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Bullying is widespread, survey shows

Bullying is widespread in IT companies, where more than three out of 10 managers have been bullied during the last three years, research has revealed.

But the study, by the Chartered Management Institute, found IT firms compared well with the rest of the private and public sectors, where nearly four out of 10 managers (39%) reported bullying.

Some 6% of IT managers admitted behaving in a bullying way, while four in 10 of those bullied said no action had been taken by their employer, according to the study, published in association with trade union Unison and conciliation service Acas.

The most frequent type of bullying in the IT sector is people being undermined by criticism or being overloaded with work (78%) followed by verbal insults, unfair treatment and misuse of power or position (all 72%).

Mike Petrook, of the Chartered Management Institute, said:"IT seems to be one of the leading sectors in getting a handle on this issue. It looks stronger than some others in terms of creating policies on bullying, which is essential."

Physical intimidation was reported by less than one-fifth of managers in IT firms - but by more than a quarter in all sectors.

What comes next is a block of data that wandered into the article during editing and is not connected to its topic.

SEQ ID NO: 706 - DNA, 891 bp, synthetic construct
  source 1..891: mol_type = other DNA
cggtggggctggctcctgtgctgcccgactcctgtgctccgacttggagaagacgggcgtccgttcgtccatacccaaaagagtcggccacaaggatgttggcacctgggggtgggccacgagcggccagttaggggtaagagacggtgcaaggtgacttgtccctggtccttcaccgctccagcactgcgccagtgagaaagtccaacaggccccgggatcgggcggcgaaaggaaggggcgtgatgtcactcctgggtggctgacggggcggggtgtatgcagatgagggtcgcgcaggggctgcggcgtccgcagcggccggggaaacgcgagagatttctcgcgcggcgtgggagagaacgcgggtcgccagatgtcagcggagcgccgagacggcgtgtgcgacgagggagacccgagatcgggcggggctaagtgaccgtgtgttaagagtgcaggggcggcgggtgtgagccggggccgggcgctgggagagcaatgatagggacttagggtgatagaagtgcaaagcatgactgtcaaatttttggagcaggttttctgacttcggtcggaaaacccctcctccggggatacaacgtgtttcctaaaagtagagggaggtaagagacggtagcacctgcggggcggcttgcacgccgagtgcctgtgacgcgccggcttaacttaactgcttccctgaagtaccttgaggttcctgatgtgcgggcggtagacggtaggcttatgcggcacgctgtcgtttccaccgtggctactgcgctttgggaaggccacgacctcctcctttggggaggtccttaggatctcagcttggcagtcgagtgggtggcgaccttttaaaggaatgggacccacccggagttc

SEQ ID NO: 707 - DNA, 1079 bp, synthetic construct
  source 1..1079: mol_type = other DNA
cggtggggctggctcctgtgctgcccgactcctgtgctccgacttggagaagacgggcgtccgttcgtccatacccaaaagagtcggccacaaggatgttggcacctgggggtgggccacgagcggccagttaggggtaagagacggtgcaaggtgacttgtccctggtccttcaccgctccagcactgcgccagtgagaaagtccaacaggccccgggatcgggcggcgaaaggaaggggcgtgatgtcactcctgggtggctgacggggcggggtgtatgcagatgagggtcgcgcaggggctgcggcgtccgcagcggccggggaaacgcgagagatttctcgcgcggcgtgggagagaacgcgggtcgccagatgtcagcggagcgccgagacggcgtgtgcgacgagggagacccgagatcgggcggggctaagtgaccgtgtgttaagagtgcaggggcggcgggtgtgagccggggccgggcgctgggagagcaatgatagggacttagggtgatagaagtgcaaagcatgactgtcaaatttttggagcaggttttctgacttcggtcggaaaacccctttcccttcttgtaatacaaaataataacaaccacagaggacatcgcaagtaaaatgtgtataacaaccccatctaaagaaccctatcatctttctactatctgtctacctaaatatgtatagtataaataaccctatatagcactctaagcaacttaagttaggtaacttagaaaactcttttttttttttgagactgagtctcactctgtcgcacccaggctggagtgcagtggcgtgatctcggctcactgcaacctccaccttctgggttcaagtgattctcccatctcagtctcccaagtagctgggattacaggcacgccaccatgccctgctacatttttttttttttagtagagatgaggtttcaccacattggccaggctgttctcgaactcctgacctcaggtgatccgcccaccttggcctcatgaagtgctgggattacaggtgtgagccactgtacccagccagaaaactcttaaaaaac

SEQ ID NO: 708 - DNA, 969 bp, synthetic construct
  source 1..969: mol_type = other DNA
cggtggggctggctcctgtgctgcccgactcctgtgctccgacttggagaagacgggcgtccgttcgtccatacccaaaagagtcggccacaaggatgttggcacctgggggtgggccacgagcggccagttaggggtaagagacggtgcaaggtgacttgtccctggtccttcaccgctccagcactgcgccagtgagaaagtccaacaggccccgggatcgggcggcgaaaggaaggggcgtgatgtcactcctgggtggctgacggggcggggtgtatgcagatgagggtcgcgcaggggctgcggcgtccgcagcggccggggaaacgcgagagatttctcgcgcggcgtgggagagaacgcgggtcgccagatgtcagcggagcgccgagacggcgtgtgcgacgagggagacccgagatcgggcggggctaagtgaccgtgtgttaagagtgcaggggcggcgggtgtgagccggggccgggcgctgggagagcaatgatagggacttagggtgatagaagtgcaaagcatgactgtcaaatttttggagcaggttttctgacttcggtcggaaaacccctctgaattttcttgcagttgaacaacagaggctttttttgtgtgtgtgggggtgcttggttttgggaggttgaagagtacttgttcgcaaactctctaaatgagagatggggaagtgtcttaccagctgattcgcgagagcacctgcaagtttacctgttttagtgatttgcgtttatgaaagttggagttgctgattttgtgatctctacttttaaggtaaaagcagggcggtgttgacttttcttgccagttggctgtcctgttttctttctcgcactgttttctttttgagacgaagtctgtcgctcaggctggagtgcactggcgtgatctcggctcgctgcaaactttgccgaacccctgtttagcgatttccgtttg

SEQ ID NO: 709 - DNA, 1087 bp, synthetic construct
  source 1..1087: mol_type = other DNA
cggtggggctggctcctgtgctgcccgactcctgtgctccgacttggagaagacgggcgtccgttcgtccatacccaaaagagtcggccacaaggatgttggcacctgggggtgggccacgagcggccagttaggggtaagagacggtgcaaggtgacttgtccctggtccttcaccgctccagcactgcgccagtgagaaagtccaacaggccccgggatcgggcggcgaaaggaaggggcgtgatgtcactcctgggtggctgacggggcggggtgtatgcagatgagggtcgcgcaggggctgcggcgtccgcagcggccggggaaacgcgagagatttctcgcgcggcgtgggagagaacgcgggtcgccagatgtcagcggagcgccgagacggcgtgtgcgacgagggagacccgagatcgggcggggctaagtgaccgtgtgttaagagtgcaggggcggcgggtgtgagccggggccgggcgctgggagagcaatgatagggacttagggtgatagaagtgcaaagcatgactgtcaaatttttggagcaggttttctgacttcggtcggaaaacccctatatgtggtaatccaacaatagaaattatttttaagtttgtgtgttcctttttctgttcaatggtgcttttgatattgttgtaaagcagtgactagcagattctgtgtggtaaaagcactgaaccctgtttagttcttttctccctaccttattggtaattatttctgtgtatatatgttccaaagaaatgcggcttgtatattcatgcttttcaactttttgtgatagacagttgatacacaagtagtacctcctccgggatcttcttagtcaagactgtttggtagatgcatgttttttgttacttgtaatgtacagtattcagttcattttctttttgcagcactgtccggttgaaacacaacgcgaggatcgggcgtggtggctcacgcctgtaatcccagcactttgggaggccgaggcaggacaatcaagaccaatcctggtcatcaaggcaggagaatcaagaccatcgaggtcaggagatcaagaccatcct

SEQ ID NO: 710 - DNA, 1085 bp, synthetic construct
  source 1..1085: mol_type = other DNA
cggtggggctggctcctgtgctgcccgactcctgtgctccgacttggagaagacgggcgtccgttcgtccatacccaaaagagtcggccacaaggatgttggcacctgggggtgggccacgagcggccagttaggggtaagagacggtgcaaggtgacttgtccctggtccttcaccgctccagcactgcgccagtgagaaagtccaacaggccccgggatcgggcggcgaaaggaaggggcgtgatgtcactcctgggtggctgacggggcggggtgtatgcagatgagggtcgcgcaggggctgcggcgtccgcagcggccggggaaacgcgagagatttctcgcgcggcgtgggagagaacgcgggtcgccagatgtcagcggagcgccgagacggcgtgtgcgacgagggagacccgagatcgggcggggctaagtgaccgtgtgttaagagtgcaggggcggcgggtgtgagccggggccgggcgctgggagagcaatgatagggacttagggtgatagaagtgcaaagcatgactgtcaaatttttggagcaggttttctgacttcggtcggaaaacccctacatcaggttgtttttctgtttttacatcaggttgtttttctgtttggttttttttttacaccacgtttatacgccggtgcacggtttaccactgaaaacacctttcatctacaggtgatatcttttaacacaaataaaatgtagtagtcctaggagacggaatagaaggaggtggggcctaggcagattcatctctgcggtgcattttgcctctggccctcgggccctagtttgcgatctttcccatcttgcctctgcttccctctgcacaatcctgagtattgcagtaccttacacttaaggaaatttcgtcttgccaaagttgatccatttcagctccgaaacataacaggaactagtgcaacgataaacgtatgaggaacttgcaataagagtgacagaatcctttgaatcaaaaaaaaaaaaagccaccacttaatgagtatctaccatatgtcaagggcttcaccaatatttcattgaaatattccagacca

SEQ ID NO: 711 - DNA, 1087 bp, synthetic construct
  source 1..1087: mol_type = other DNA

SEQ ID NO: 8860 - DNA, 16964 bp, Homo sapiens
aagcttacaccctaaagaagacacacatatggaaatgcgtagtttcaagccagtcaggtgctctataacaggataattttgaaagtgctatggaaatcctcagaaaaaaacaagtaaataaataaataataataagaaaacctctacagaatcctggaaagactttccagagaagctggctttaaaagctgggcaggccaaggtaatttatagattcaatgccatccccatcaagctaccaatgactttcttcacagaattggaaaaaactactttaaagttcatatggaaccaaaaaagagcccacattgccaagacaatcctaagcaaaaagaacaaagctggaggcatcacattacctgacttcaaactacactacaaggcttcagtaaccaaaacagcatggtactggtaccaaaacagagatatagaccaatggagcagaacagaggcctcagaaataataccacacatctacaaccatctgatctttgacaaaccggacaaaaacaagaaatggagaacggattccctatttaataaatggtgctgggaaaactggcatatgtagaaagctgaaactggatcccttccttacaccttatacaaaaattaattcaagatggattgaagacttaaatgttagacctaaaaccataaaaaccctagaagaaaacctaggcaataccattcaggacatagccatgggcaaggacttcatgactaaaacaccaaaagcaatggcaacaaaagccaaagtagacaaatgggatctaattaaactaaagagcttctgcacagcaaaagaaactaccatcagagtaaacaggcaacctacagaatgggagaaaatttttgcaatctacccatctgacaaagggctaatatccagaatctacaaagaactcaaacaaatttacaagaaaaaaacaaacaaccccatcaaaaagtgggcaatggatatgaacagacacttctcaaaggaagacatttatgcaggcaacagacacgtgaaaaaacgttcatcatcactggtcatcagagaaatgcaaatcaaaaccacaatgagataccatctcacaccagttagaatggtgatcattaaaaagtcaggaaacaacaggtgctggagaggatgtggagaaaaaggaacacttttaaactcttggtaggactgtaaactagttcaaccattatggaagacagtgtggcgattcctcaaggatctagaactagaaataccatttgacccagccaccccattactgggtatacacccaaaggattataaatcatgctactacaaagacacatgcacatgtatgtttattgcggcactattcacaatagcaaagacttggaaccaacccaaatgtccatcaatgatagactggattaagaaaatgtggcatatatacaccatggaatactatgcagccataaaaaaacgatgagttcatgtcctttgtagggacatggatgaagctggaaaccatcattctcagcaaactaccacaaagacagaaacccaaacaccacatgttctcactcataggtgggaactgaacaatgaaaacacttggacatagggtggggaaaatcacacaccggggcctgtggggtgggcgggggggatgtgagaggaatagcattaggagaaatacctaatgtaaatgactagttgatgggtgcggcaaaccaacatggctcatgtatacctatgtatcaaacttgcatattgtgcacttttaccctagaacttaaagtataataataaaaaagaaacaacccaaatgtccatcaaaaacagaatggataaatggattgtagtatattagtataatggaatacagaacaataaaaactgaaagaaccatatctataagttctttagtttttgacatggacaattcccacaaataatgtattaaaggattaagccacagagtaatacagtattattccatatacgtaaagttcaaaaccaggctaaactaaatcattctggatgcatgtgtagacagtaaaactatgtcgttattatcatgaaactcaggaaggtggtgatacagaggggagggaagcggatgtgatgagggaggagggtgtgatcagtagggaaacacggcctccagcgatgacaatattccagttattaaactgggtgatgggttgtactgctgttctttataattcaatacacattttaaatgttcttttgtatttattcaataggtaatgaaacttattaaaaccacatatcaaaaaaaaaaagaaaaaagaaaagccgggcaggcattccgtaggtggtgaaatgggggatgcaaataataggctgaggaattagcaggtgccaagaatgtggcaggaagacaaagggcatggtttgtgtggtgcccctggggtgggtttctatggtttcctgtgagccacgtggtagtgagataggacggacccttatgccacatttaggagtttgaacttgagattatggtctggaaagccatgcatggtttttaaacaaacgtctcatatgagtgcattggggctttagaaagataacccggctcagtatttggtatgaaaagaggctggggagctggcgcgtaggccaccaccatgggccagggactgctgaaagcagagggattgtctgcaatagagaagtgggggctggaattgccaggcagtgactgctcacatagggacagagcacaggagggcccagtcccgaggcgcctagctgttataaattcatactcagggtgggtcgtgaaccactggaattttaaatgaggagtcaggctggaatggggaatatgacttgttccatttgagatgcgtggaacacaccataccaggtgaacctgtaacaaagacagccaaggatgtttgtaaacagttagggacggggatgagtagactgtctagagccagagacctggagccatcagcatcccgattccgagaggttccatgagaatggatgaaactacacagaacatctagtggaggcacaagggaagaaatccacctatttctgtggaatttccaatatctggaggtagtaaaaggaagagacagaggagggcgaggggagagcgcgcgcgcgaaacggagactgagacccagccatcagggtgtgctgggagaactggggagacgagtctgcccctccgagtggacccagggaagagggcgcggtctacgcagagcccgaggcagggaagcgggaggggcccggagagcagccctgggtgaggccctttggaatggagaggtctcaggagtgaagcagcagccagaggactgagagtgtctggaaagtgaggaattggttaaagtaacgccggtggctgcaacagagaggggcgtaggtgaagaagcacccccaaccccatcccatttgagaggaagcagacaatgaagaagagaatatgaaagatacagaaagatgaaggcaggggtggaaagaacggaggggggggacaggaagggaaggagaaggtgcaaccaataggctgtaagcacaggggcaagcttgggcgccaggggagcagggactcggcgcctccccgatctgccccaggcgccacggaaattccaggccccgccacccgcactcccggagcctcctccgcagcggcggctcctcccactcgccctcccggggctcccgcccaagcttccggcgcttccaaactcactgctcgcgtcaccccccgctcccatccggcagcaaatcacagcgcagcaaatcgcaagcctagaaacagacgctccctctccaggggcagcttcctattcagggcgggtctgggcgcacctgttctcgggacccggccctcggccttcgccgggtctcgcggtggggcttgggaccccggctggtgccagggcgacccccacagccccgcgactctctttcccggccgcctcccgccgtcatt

Lack of management skills was cited as the top reason for bullying in the IT workplace - by 75% of those surveyed. Personality factors were mentioned by 69% and failure to address previous incidents of bullying by 55%.

 

Bully or bullied?

The survey revealed that middle managers experience more bullying than other levels of management, with nearly half having suffered -a finding reflected in the IT sector. The study suggests they are victims of "management squeeze", coming under pressure from above and below. But while the general survey showed 30% of managers were bullied by more junior staff, the picture in the IT industry is different, with just 16% citing junior staff as bullies.

 


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